James Harden is on the Verge of Becoming Joel Embiid’s Worst Nightmare and the 76ers’ Biggest Mistake
Before the internet-breaking trade that sent James Harden to the Philadelphia 76ers for Ben Simmons, Joel Embiid was leading Philly on his own. The MVP candidate couldn’t rely on his former running mate in Simmons anymore, as the guard’s frustrations kept him off the court and became the primary reason for the trade. So, Embiid had to carry his team by himself.
Now, though, he’s sharing a court with Harden, which should make for less pressure.
But that hasn’t been the case. The Beard is quickly becoming Embiid’s worst nightmare and the 76ers’ biggest mistake.
Philly’s dominant big man is likely wishing he was still alone.
Ben Simmons failed to help Joel Embiid in the playoffs
The Ben Simmons-Joel Embiid partnership never quite worked. It looked like they figured things out last year when the 76ers went 49-23 and finished first in the Eastern Conference, but Simmons choked in the postseason.
While Embiid averaged 28.1 points and 10.5 rebounds in 11 playoff games, the LSU product didn’t add much scoring-wise. He recorded just 11.9 points per game in 12 postseason contests.
Despite Simmons’ extreme ineffectiveness, though, James Harden’s playoff impact for Philadelphia could actually be worse.
Harden is becoming a liability.
James Harden is showing his age with some horrific performances
Joel Embiid already had one failed partnership. Now, it appears history could be repeating itself.
James Harden looks bad.
His season averages are ugly enough. The 2017-18 NBA MVP’s 22.0 points per game are the fewest since he played for the Oklahoma City Thunder. He’s also shooting his worst field-goal percentage (41.0%) since his rookie campaign and is making three-pointers at a career-low rate (33.3%).
And The Beard has been even worse lately.
In his last 10 games, Harden is averaging 19.1 points on an atrocious 36.8% shooting. He’s also only making 29.9% of his three-pointers.
The seven-time All-NBA selection has still been a strong facilitator, averaging 9.9 assists in those recent games. But that’s not what Embiid needs in the playoffs. Simmons averaged nearly 9.0 assists in the postseason last year.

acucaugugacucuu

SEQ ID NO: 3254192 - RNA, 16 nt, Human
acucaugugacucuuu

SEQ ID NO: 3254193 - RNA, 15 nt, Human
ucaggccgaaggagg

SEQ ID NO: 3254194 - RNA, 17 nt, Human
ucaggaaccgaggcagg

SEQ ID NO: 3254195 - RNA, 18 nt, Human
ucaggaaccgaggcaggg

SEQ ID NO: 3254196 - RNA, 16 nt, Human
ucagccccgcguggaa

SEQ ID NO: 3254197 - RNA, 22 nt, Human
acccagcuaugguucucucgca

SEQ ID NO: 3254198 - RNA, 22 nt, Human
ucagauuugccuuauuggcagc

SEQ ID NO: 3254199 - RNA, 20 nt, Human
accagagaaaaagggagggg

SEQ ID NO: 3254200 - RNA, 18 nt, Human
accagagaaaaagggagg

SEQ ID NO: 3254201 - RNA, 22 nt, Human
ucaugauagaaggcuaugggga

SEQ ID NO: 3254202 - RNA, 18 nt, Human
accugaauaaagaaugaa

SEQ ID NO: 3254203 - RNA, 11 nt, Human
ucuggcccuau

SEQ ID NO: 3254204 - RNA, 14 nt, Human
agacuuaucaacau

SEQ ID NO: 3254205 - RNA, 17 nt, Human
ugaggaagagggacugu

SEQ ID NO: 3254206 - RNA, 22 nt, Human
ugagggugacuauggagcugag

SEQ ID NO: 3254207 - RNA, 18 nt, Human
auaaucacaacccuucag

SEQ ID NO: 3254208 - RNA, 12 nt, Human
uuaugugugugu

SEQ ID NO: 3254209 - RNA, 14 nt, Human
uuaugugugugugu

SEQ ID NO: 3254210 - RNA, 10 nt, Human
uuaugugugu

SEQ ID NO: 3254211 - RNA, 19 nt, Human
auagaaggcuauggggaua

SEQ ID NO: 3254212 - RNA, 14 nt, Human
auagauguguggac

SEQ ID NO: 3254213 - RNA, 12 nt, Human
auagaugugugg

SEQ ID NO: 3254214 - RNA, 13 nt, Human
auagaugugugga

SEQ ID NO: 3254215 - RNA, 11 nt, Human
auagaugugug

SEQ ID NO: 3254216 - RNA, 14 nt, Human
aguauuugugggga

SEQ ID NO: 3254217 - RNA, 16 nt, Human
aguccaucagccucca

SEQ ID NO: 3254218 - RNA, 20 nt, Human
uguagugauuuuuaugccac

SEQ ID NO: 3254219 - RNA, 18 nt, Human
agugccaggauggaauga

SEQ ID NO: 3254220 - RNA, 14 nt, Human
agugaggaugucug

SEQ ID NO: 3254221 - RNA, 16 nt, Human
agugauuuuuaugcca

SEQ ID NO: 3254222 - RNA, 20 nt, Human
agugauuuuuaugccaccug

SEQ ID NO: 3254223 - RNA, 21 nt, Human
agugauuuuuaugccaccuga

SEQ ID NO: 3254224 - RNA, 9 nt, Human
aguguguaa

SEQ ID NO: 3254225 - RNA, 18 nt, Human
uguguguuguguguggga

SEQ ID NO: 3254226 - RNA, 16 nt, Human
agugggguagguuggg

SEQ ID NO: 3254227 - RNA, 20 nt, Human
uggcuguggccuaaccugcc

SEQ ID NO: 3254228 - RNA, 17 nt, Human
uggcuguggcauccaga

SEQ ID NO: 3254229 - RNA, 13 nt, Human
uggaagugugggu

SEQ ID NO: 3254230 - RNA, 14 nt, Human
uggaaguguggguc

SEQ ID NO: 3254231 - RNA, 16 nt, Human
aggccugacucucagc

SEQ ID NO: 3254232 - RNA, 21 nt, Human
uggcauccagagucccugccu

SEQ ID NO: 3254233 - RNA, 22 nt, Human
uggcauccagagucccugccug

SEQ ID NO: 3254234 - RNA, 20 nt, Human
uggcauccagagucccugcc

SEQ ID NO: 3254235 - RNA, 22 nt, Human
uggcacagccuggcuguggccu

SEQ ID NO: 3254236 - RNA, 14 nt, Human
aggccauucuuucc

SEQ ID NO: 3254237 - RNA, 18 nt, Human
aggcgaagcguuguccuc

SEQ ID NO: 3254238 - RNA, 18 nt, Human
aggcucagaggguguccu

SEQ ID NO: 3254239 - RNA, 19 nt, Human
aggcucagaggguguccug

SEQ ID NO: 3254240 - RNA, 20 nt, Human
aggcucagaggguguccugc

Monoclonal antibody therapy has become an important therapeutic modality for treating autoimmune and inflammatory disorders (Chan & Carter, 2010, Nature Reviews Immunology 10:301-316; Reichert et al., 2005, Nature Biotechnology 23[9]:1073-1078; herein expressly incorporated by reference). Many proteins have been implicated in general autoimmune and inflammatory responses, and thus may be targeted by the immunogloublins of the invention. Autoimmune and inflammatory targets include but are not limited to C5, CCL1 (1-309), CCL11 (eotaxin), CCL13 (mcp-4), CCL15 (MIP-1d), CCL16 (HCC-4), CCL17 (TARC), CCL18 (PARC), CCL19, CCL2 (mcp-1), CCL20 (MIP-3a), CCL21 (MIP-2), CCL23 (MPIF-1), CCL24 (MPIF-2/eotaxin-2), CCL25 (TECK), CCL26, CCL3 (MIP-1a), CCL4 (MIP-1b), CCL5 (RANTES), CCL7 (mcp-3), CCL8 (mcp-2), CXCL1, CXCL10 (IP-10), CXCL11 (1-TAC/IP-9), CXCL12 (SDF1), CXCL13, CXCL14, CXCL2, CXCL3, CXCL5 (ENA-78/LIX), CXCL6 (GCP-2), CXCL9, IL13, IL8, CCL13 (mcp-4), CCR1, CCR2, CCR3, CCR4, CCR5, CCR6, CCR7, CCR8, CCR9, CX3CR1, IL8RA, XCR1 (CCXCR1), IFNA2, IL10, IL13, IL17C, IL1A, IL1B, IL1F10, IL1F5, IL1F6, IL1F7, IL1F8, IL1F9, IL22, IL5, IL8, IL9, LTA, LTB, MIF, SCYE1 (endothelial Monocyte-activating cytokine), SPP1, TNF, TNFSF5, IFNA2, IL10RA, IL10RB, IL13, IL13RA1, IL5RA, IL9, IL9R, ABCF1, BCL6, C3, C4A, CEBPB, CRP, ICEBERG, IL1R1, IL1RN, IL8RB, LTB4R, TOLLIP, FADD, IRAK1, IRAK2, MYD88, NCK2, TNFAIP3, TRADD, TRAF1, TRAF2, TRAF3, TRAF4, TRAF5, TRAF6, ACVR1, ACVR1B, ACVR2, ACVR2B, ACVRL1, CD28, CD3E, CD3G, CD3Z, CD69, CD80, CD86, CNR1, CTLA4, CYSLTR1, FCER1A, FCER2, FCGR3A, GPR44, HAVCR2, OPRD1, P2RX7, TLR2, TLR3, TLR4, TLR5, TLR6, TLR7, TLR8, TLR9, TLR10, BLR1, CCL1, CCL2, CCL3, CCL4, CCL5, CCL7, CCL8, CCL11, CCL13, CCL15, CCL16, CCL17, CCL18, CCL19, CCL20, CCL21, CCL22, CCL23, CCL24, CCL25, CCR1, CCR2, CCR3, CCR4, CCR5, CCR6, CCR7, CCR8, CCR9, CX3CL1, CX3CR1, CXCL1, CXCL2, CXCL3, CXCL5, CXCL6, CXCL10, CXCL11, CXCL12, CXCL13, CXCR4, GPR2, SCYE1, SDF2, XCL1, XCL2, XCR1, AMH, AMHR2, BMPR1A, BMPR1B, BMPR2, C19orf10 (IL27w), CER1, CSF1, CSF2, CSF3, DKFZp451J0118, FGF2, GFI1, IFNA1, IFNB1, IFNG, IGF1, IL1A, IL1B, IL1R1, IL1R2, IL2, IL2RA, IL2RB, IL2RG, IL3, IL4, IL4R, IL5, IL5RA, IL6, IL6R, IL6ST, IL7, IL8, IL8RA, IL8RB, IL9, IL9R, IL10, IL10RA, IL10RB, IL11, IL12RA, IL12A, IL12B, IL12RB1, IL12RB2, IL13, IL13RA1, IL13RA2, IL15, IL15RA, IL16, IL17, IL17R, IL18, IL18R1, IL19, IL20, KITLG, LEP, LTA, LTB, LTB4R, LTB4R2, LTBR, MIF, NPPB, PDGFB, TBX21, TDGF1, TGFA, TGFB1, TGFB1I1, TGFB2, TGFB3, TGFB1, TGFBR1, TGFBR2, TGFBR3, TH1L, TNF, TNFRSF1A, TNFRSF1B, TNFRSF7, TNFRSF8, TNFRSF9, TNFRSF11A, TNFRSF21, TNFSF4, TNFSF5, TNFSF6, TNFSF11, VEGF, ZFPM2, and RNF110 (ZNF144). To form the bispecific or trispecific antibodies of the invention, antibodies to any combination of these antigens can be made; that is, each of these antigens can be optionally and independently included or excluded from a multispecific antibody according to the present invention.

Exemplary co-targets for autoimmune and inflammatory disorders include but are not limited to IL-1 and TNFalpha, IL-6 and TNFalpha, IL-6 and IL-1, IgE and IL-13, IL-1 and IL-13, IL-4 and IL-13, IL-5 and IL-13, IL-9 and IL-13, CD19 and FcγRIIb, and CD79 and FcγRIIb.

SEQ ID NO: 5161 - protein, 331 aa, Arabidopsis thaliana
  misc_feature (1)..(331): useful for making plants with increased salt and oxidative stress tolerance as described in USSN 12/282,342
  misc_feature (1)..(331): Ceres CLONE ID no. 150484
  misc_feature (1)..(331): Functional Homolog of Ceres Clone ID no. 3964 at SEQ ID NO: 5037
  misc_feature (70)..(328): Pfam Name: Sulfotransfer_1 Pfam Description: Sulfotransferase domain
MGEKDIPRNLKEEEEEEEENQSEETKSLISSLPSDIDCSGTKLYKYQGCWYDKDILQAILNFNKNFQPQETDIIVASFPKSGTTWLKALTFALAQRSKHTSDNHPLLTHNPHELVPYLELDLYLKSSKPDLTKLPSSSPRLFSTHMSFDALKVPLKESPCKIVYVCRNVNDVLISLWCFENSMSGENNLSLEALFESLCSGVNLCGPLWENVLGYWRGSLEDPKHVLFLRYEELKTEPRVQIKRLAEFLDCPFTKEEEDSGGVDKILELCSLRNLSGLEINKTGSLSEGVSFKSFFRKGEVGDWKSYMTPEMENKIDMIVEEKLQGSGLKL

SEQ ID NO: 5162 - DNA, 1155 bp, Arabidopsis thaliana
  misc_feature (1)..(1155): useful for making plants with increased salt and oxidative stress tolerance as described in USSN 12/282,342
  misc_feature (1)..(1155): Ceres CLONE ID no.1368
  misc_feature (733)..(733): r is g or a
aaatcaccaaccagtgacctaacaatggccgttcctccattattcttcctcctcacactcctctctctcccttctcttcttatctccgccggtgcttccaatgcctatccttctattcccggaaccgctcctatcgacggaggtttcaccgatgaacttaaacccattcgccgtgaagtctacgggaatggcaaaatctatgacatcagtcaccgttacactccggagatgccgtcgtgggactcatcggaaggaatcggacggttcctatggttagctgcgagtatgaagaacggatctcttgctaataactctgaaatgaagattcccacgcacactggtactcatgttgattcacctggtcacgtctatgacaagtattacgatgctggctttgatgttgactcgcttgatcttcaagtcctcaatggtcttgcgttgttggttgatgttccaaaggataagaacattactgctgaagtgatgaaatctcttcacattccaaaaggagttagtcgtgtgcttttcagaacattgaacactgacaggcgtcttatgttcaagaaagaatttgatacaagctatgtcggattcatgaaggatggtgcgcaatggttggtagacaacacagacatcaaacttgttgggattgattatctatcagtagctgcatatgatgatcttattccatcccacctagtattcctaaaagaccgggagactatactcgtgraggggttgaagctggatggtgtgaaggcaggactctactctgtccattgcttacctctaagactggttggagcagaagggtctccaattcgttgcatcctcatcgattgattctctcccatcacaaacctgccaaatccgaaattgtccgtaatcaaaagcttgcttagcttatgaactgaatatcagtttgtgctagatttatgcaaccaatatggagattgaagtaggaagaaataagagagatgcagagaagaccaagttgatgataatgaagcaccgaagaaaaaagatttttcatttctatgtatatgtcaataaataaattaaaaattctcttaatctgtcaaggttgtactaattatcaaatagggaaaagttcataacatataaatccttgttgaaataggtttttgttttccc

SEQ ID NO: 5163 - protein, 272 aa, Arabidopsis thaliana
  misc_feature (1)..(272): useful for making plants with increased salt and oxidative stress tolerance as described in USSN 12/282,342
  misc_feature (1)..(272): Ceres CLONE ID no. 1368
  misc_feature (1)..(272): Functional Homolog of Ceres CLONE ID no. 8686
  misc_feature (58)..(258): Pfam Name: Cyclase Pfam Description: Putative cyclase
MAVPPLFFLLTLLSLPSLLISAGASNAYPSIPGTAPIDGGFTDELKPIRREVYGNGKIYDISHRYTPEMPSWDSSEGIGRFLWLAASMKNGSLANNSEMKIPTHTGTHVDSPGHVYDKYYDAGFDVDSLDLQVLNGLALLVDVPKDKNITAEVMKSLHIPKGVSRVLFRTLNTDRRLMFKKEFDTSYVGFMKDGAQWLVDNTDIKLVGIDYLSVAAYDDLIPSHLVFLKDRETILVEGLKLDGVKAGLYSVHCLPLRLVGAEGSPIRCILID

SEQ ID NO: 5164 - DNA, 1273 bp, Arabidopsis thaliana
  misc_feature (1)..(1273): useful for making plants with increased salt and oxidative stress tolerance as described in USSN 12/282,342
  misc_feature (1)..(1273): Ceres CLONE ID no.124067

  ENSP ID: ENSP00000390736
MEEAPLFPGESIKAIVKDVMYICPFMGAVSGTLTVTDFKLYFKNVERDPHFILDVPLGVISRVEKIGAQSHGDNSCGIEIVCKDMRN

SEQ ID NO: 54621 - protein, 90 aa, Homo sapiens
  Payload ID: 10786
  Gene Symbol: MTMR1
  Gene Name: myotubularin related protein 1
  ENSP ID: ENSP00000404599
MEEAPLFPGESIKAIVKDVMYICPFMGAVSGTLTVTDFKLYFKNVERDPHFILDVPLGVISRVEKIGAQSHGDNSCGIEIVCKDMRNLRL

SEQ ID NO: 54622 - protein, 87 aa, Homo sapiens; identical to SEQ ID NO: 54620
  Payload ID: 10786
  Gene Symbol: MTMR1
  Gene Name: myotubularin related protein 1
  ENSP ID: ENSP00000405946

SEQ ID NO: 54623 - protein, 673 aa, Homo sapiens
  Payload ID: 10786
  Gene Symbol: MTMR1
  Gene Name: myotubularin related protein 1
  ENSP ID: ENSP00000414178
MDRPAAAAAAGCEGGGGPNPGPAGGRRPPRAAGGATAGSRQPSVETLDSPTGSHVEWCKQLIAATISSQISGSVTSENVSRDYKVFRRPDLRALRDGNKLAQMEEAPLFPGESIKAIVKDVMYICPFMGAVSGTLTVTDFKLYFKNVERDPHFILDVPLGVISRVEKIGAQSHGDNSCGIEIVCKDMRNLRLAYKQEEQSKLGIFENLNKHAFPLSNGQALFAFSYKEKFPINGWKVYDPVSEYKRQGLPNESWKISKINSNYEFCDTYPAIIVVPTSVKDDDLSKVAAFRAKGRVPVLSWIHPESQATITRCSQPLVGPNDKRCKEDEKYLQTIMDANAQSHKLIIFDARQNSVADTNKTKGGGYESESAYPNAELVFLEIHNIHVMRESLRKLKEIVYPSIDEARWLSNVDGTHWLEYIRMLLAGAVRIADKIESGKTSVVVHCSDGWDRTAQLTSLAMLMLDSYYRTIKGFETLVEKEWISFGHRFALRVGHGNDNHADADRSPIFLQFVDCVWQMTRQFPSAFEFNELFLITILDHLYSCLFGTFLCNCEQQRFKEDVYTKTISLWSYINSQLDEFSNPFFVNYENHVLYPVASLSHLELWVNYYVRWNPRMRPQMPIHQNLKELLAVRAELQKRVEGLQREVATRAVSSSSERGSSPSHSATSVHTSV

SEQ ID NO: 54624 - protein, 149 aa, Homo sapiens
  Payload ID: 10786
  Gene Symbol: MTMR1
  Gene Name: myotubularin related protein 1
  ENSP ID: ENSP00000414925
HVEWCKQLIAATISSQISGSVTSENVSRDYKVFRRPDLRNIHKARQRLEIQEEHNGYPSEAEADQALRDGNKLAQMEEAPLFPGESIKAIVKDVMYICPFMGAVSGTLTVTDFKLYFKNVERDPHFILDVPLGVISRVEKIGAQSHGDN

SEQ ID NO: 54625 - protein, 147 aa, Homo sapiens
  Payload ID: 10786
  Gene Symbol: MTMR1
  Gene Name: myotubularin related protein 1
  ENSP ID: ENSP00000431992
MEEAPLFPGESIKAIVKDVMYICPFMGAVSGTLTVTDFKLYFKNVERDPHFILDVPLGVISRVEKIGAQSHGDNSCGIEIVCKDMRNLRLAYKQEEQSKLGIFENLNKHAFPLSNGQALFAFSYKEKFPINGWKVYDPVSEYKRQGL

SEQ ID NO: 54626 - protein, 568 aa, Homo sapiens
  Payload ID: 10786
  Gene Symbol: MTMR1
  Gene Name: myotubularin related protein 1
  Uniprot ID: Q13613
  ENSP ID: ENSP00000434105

The big man needs another scorer.
No, Simmons didn’t help Philly in that way, but he at least didn’t become as much of a liability. The 2017-18 Rookie of the Year made 62.1% of his field-goal attempts in the playoffs and only turned it over 2.3 times per game. Harden is averaging 3.6 turnovers in his last 10 contests.
Sure, Simmons’ playoff numbers and Harden’s recent stats are small sample sizes, but they are almost an identical amount of games (12 compared to 10). So, that means the latter needs to step up.
If he doesn’t, he could be the main reason the 76ers suffer another early playoff exit and, in turn, become Embiid’s worst nightmare.
James Harden could become the 76ers’ biggest mistake
The Sixers proved they weren’t in a rush to trade Ben Simmons. He didn’t play all year, and they waited until February to deal him.
So, if holding on to the three-time All-Star didn’t bother them, they should have just kept him until this offseason and acquired someone better than James Harden then.
Harden has a $47 million player option for next year. If he continues performing the way he has lately, no other team will want to pay him that much cash. So, the third overall pick in the 2009 NBA Draft will likely pick it up and stay in Philly for another year.
But he will be 33 years old next season. Does anyone expect him to go back to the days when he was an elite scorer for the Houston Rockets? The three-time scoring champ will likely be just as bad, if not worse, next year. He could could very well waste another one of Joel Embiid’s prime seasons.
James Harden needs to improve his play immediately. It’s hard to imagine him turning back the clock and becoming the same force he was a few years ago. His burstability is gone, and his isolation game is less effective. However, he can still adapt to his older body and find other ways to score.
If he can’t do that, he will quickly go down as one of the 76ers’ biggest mistakes in franchise history.
Stats courtesy of Basketball Reference